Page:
Writerly Things 6/29/2020: How Important is Appearance with Your Characters? Traci Kenworth

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Writerly Things 6/25/2020: How Important is Appearance in Characters?

Traci Kenworth

Do you take the usual path? Describing a character in details galore? Draw back just a little. What’s most important about them? What sets them apart from others?

Is it Their Eyes?

Stan is at the coffee corner table and sips his Dragon fruit smoothie when in walks a redhead with green eyes. Err, boring. If all you do is list attributes, you’re leaving so much more info off the table. What if they had cat eyes? Or red orb eyes with veins bulging? That would more likely need to be explained. But normal eye color you can maybe pass on.

The shape of their eyes might be noted if it’s unusual. Maybe they have no eyelids. There could be no iris. Again, mention the eyes if there’s something different to mention. Sooner or later you’re going to veer into characters that are “other.” They shouldn’t all resemble us.

What About Their Height?

Too ordinary. Again, unless he or she is a giant. Or tiny. They could be bent with age. Paralyzed from birth. Make it count. Make them an individual. If you do, your readers will dig into the material. They want larger-than-life characters for a reason.

Look at Harry Potter. A boy wizard had never been done before. Much less one with a jagged scar like a bolt of lightning shared by his common enemy. It instantly placed an image of the boy into the readers’ minds and they came back for more time after time.

What about Katniss? In the book, she’s described with dark hair and olive skin. Only the dark hair stayed through casting. It’s her attitude and force of strength that bring her alive as a character. There’s nothing she wouldn’t do to save her sister.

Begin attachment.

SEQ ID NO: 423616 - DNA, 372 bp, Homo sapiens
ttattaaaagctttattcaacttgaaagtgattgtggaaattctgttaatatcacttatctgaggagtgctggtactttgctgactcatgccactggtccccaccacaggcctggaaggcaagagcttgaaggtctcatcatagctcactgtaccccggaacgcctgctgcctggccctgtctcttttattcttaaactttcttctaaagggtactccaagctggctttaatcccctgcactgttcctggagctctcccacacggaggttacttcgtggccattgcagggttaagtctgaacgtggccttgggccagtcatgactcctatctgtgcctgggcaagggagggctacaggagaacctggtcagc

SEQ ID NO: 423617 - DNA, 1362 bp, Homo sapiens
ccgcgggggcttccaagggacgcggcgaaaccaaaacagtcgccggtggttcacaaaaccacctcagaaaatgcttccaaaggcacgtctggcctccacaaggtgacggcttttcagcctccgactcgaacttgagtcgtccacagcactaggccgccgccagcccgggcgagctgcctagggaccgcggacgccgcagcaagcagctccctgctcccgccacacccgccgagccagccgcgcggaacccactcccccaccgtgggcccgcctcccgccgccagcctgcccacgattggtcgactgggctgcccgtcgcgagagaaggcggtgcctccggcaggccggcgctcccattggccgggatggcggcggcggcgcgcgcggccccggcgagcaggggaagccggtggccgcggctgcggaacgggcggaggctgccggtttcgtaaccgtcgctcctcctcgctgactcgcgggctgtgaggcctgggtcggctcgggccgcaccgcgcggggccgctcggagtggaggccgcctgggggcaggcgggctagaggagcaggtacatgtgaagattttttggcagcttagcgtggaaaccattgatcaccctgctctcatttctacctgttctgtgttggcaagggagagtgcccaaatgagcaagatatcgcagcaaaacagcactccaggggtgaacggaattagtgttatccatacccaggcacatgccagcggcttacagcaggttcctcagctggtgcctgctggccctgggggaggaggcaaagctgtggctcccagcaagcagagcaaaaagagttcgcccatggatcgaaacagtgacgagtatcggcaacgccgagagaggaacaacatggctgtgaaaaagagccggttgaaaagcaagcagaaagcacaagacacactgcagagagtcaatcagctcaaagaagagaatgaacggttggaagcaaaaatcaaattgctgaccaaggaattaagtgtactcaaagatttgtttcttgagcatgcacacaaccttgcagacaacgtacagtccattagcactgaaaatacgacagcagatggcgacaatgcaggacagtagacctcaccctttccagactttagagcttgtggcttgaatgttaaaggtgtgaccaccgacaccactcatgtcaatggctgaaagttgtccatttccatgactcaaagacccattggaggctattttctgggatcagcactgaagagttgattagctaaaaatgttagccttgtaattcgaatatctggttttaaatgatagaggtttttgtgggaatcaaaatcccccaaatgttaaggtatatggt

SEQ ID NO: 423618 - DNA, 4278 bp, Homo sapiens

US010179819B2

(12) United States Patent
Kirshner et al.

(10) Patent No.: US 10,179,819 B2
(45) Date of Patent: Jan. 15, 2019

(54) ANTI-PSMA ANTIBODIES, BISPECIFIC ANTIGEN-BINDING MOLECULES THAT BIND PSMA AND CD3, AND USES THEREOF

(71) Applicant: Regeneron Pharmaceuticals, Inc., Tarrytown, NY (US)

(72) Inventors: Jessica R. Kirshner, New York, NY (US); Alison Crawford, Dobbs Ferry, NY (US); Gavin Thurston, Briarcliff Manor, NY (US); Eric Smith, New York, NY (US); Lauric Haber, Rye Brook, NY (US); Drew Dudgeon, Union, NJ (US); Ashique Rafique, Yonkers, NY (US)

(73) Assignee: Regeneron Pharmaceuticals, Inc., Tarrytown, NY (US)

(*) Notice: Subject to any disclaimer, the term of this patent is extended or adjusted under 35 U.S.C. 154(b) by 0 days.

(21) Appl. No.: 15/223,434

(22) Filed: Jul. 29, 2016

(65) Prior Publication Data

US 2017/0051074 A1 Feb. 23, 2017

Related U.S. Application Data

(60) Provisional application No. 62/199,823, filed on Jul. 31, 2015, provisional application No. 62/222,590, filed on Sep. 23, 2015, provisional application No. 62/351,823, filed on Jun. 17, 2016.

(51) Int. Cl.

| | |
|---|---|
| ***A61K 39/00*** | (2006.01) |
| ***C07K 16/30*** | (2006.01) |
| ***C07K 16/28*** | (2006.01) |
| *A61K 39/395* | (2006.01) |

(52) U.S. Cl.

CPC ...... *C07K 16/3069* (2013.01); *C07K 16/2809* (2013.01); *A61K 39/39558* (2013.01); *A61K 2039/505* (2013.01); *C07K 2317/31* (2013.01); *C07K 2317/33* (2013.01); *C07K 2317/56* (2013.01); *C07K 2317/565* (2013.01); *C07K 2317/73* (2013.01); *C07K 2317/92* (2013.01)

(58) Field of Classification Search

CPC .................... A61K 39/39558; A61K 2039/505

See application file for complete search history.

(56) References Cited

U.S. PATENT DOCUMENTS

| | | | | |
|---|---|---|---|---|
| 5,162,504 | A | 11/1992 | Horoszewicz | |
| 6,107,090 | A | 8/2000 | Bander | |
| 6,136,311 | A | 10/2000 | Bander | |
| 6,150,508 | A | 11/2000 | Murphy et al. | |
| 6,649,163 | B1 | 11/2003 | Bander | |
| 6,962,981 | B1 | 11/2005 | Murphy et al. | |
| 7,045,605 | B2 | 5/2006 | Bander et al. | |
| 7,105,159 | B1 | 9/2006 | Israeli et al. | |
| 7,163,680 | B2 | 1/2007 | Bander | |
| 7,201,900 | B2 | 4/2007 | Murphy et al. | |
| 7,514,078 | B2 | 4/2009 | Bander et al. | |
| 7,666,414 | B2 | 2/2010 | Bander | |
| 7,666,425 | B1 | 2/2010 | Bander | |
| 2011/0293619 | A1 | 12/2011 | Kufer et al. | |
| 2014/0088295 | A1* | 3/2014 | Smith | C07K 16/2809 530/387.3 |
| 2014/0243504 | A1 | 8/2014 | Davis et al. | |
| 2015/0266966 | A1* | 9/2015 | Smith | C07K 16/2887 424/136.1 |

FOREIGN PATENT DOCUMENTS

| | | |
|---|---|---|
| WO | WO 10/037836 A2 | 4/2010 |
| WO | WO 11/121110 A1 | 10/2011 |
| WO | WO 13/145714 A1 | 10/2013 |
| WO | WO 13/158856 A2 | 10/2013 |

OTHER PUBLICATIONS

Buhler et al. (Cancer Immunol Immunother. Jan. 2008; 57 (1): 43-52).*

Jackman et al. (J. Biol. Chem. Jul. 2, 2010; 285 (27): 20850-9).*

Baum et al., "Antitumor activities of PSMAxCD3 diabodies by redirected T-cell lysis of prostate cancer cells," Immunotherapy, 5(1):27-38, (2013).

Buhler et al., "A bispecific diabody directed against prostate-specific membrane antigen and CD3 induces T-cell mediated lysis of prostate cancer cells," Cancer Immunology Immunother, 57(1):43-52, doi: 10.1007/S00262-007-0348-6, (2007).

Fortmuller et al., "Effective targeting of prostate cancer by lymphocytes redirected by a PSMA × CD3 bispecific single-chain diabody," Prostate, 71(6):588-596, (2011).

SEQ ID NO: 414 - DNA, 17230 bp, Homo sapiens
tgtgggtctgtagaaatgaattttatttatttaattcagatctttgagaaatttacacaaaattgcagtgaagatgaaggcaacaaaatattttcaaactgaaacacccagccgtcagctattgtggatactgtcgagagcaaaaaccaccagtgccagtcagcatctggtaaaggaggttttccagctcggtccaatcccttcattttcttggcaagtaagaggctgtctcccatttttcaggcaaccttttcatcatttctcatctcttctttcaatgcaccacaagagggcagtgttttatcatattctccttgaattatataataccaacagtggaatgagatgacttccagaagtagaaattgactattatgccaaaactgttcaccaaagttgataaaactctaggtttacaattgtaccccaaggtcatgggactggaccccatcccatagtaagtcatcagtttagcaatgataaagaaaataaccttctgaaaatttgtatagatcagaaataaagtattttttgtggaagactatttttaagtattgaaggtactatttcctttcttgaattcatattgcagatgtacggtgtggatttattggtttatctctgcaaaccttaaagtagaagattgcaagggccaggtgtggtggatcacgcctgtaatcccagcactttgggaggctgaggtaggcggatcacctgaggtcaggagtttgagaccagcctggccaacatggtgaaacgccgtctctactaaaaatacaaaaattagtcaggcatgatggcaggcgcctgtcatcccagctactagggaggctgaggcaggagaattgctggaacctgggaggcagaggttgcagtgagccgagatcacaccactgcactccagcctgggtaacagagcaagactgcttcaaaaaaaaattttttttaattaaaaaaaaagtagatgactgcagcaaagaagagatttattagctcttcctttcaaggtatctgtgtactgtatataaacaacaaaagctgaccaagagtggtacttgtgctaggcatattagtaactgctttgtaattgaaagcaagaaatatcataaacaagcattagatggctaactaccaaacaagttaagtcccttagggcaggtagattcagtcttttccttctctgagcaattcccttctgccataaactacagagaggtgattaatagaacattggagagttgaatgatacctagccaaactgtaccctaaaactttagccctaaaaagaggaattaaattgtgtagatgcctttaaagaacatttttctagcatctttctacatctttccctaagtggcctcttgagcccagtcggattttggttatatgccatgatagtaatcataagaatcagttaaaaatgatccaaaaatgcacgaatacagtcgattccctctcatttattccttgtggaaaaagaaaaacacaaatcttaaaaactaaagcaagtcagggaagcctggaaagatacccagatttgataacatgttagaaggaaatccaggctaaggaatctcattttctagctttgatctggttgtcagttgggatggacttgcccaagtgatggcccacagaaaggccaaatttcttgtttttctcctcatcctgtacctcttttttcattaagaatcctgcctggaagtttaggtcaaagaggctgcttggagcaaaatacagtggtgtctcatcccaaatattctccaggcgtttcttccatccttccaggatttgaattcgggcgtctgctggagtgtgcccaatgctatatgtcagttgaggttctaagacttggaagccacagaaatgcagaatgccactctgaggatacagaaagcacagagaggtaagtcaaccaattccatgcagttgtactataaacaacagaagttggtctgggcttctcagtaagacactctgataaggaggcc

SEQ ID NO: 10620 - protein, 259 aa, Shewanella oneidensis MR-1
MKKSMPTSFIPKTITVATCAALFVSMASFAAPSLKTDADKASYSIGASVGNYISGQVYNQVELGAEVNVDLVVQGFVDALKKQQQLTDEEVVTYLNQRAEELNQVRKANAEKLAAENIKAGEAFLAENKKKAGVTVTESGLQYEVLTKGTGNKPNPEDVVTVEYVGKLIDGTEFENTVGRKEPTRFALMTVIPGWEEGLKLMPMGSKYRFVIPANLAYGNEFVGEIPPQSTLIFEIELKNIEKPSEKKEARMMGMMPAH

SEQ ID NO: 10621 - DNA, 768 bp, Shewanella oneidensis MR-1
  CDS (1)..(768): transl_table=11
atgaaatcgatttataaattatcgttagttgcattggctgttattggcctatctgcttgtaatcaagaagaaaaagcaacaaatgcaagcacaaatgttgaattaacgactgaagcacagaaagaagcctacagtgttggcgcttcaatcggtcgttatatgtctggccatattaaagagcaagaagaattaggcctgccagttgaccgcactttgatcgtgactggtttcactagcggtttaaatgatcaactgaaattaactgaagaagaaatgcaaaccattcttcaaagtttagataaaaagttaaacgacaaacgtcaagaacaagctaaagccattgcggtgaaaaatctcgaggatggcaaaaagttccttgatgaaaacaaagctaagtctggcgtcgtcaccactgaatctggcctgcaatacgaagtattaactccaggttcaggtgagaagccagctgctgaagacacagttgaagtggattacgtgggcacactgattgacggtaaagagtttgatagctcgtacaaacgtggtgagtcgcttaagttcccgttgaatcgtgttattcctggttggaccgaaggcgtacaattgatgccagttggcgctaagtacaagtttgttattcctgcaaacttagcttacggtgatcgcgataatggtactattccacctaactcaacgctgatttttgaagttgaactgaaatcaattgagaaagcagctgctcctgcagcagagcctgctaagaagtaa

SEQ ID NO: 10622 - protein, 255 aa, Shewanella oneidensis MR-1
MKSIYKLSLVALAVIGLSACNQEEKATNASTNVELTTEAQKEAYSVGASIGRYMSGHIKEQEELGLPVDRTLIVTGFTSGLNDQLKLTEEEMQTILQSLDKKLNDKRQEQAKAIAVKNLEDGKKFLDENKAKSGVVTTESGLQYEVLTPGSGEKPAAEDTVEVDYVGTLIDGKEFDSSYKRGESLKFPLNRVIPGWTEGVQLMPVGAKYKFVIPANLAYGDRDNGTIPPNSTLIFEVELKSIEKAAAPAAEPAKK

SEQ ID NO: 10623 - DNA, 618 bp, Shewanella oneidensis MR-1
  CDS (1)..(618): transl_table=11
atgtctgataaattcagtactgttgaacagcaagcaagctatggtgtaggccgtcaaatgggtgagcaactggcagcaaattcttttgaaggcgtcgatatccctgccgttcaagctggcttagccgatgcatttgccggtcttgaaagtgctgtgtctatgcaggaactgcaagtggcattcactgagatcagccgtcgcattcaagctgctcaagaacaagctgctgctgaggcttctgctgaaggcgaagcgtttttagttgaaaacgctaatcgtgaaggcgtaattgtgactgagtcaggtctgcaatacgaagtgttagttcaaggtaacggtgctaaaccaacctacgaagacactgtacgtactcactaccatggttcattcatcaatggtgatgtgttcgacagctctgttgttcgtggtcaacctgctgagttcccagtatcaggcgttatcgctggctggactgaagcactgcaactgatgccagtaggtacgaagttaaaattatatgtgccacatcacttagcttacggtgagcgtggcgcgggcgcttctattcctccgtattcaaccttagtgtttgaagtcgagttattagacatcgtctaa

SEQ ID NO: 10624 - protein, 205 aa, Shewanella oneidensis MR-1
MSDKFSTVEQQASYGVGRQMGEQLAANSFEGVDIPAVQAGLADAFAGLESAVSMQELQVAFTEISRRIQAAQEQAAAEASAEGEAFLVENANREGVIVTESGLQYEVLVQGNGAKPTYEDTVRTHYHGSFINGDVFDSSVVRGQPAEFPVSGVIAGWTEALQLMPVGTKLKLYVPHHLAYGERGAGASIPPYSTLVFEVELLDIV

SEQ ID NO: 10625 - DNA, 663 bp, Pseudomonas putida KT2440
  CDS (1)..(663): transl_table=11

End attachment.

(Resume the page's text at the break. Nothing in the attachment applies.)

In Throne of Glass, Calaena has the appearance of a human but what’s inside her brings a monster to call in times of battle. Others think she’s weak. That being female will make her no match. When they find out otherwise, it’s too late. She fights from freedom from a king that caged her and uses everyone he knows.

In Graceling, Katsa can kill a man without touching him. She is an assassin for the king but seeks a better life. When an opportunity for freedom comes, she takes it despite the companion she must travel with. Do you need to know her physical details to describe her? No, the lethal force she can use against others reveals her character to the reader. She both takes lives and saves them.

A Curse So Dark and Lonely is about a girl who is kidnapped into the land of the beast. To save a kingdom, she must overcome the curse that keeps him and his guard captive by a powerful sorceress. Can she face off with her despite her disability?

You see. You don’t need to go down to the button of their coat. Unless it’s important. A few details that set them apart from other characters are what matter. Is he a proud king? A hateful prince? Is she destined to be a slave? Or a witch to be slaughtered? Maybe she’s a Danish girl fighting alongside her Viking warrior?

However, you describe your characters, give them purpose. Show why we should care about them. Put them in the middle of the action. Make someone they care about be in danger. Destroy their world. Save their loved ones. Or let a few fall. The more reason for her to go on. Those left behind will give her something and someone to fight for. That brings out a character’s qualities.

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